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nasal rinse and respiratory tract infection

P Kohler, A Bregenzer-Witteck, G Rettenmund, S Otterbech, M Schlegel
PURPOSE: Methicillin-resistant Staphylococcus aureus (MRSA) decolonization is a widely established, though controversial part of many MRSA controlling strategies. The aim of this study was to evaluate our decolonization success rate, identify the risk factors for decolonization failure and determine the optimal duration of follow-up in our low MRSA prevalence setting (2.6 % of isolates). METHODS: Every patient with newly detected MRSA colonization or infection between January 2007 and December 2009 was recruited to the study...
February 2013: Infection
P Segers, R G H Speekenbrink, D T Ubbink, M L van Ogtrop, B A M J de Mol
OBJECTIVE: To determine the efficacy ofperioperative decontamination of the nasopharynx and oropharynx in reducing nosocomial infection after cardiac surgery with the use of 0.12% chlorhexidine. DESIGN: Randomized, double-blind, placebo-controlled clinical trial (; identifier NCT00272675). METHODS: The trial was conducted at the Onze Lieve Vrouwe Gasthuis, Amsterdam, the Netherlands, from 1 August 2003-31 August 2005...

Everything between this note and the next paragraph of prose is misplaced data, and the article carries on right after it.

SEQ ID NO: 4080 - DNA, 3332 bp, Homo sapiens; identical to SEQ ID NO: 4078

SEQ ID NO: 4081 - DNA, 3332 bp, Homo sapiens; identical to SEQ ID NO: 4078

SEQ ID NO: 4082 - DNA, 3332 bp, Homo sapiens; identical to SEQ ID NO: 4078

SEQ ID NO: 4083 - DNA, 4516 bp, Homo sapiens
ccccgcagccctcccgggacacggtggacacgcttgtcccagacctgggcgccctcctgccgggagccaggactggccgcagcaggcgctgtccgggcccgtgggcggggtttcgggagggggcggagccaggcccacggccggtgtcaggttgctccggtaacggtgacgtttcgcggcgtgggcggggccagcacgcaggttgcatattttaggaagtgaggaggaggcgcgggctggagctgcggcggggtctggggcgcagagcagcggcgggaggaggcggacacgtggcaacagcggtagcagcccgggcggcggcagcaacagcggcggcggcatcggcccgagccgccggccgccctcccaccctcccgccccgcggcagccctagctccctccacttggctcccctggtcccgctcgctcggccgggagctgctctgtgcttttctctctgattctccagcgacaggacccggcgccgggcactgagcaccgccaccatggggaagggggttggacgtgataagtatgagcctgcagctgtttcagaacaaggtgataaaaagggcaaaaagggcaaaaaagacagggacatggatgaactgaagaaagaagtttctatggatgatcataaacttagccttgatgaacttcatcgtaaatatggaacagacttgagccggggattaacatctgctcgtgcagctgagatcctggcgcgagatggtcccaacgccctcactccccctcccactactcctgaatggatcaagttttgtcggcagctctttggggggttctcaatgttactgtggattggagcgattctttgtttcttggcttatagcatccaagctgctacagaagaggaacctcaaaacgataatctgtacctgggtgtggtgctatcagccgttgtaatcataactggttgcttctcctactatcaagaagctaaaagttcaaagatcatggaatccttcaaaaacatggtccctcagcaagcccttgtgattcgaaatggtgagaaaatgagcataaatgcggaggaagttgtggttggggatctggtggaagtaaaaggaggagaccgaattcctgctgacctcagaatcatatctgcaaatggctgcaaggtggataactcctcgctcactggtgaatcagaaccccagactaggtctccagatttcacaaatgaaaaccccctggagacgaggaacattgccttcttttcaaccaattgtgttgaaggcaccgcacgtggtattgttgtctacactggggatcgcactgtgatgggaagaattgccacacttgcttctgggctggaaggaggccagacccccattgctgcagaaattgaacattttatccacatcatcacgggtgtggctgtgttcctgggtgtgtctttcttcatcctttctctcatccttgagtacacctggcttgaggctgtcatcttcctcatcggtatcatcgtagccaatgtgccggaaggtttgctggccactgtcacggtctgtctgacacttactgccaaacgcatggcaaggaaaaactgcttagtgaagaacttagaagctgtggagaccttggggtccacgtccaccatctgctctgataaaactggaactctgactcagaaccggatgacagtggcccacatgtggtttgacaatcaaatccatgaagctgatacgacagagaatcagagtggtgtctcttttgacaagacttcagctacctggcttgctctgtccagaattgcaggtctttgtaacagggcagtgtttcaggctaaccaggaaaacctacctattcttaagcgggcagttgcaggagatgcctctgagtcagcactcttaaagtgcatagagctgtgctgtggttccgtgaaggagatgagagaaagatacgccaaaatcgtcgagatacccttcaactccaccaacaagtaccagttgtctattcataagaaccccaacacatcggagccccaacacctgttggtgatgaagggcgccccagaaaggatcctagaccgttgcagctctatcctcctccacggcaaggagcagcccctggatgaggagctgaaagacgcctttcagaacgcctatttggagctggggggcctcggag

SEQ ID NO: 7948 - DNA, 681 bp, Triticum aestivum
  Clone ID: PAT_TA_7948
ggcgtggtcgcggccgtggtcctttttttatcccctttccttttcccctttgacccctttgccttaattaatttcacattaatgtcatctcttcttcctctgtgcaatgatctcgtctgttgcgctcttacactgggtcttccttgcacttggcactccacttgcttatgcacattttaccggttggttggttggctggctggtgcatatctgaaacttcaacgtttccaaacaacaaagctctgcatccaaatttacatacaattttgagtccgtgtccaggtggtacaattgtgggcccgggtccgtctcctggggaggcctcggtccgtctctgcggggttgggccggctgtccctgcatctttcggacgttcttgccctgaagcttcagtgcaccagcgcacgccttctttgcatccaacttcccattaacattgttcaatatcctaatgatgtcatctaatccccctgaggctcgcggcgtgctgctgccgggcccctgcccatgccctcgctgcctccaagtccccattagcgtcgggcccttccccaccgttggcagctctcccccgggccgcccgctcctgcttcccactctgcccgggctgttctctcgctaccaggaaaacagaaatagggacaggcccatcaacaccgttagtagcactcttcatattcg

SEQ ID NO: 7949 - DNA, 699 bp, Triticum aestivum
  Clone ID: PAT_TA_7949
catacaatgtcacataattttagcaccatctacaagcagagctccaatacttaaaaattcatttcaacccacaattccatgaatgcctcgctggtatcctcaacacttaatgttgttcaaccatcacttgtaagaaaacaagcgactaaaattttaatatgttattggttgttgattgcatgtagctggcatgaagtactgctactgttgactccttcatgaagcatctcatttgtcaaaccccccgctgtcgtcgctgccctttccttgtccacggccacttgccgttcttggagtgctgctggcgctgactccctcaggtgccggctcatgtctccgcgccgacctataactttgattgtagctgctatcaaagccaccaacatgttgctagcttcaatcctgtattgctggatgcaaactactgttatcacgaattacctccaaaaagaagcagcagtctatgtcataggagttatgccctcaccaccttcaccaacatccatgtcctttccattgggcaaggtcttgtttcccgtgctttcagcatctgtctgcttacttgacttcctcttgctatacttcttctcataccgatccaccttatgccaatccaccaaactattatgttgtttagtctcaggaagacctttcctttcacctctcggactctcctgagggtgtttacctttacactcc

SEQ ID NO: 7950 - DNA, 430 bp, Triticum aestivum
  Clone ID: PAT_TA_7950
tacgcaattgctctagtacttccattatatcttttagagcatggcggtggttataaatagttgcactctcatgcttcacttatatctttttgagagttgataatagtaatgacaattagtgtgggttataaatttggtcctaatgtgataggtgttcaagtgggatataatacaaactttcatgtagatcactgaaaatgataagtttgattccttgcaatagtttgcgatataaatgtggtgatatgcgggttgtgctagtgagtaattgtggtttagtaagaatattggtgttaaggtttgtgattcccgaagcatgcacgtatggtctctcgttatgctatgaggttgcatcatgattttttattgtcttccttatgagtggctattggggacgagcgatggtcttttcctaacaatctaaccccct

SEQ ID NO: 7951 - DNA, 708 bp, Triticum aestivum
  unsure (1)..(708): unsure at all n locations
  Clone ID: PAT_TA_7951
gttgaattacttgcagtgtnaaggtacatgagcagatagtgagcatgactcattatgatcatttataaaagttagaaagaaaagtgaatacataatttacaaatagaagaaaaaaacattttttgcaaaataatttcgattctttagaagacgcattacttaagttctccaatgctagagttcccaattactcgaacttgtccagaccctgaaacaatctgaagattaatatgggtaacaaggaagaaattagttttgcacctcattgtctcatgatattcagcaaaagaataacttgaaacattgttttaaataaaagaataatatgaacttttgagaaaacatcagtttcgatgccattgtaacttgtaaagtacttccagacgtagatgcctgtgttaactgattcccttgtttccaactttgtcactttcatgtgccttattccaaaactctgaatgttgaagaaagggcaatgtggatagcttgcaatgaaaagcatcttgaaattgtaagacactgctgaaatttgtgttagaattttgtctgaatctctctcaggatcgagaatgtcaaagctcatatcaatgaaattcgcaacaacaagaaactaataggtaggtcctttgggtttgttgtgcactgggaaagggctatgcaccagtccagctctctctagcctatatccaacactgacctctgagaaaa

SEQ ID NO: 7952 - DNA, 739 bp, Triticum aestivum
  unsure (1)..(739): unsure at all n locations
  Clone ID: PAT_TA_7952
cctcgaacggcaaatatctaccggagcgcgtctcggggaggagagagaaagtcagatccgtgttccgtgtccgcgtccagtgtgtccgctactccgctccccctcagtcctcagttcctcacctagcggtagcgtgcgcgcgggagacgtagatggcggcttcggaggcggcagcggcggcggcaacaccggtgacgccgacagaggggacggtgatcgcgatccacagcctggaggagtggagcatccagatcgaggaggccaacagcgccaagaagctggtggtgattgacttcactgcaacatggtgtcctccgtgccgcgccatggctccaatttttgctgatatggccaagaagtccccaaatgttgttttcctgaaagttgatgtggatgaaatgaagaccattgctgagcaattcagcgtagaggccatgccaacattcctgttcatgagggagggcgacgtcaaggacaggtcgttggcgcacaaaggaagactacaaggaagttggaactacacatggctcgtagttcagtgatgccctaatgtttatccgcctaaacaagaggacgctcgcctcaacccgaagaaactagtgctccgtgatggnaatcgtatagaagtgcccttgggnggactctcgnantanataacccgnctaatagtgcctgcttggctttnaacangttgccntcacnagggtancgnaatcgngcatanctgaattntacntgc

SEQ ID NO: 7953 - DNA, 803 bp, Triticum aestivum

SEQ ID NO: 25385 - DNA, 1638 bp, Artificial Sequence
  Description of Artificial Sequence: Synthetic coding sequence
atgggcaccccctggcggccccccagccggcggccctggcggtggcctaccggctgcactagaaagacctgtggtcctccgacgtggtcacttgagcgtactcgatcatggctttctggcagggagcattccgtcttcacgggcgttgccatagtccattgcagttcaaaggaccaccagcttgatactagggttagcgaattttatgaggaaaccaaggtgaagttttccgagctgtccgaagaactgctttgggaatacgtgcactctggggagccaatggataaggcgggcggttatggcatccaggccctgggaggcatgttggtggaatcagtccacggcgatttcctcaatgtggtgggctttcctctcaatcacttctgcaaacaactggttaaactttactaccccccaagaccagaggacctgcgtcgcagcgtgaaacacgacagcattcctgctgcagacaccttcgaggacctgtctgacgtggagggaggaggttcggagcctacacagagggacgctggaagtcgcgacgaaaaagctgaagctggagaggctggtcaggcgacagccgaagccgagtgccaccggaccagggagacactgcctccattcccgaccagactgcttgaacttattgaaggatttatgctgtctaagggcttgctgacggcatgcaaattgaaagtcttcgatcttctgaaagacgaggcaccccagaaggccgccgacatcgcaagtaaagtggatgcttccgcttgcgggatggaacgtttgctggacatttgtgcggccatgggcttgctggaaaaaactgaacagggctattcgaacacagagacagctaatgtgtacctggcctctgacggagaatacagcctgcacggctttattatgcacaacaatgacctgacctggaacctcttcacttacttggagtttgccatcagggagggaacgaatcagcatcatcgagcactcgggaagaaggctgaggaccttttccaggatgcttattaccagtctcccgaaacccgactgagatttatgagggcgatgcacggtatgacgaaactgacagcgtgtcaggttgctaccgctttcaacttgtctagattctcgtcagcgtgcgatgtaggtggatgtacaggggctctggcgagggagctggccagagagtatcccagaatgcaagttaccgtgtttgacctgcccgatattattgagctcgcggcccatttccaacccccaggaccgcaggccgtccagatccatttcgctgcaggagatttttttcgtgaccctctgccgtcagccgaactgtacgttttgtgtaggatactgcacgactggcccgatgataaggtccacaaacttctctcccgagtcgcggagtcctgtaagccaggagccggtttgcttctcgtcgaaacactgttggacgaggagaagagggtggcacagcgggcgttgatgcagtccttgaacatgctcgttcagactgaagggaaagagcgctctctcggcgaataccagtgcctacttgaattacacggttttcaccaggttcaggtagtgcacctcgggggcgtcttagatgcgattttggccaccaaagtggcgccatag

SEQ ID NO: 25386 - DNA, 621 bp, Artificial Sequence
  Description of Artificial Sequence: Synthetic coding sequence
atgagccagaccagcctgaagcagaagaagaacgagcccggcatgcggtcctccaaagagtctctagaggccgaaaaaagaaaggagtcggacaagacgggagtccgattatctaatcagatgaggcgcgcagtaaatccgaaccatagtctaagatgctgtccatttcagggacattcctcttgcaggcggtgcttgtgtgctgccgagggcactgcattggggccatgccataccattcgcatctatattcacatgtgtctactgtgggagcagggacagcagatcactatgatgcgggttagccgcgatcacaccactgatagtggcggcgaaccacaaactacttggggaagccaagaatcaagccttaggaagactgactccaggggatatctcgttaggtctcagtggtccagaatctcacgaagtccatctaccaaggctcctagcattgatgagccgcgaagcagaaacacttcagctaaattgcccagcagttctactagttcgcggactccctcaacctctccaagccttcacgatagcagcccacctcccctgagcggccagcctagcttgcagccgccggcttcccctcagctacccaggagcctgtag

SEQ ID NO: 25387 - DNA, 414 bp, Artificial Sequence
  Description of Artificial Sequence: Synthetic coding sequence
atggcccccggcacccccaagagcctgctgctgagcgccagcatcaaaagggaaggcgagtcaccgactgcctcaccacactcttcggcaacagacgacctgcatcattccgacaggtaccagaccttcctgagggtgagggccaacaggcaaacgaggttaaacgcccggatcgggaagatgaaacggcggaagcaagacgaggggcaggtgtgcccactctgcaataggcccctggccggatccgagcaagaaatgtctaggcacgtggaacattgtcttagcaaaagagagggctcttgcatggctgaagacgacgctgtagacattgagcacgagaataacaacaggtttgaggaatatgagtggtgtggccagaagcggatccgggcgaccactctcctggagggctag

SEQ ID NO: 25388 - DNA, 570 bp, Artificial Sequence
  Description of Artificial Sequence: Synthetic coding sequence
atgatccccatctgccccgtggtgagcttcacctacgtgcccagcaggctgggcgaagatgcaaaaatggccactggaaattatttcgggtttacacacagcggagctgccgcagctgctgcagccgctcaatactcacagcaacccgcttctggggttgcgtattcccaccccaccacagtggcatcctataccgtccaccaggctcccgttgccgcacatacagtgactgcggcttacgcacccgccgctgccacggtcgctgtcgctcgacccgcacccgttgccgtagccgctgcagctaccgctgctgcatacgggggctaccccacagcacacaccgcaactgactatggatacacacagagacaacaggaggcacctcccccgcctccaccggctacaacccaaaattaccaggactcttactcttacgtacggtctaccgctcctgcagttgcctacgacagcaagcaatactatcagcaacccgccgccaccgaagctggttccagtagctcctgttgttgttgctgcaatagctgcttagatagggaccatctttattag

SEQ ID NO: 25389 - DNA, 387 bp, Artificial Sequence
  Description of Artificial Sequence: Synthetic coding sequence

March 29, 2008: Nederlands Tijdschrift Voor Geneeskunde
Patrique Segers, Ron G H Speekenbrink, Dirk T Ubbink, Marc L van Ogtrop, Bas A de Mol
CONTEXT: Nosocomial infections are an important cause of morbidity and mortality after cardiac surgery. Decolonization of endogenous potential pathogenic microorganisms is important in the prevention of nosocomial infections. OBJECTIVE: To determine the efficacy of perioperative decontamination of the nasopharynx and oropharynx with 0.12% chlorhexidine gluconate for reduction of nosocomial infection after cardiac surgery. DESIGN, SETTING, AND PARTICIPANTS: A prospective, randomized, double-blind, placebo-controlled clinical trial conducted at the Onze Lieve Vrouwe Gasthuis, Amsterdam, the Netherlands, between August 1, 2003, and September 1, 2005...
November 22, 2006: JAMA: the Journal of the American Medical Association
N B Frebourg, B Cauliez, J F Lemeland
Nasal surveillance cultures were performed for 54 patients exhibiting >/=10(3) CFU of methicillin-resistant coagulase-negative staphylococci per ml in central venous catheter (CVC) rinse cultures over a 6-month period. Forty-two of the nasal cultures yielded growth of methicillin-resistant coagulase-negative staphylococci, and 33 of the 42 cultures contained organisms that belonged to the same species as the CVC isolates. Of the 33 same-species isolates, 20 appeared to be identical strains by pulsed-field gel electrophoresis analysis...
April 1999: Journal of Clinical Microbiology
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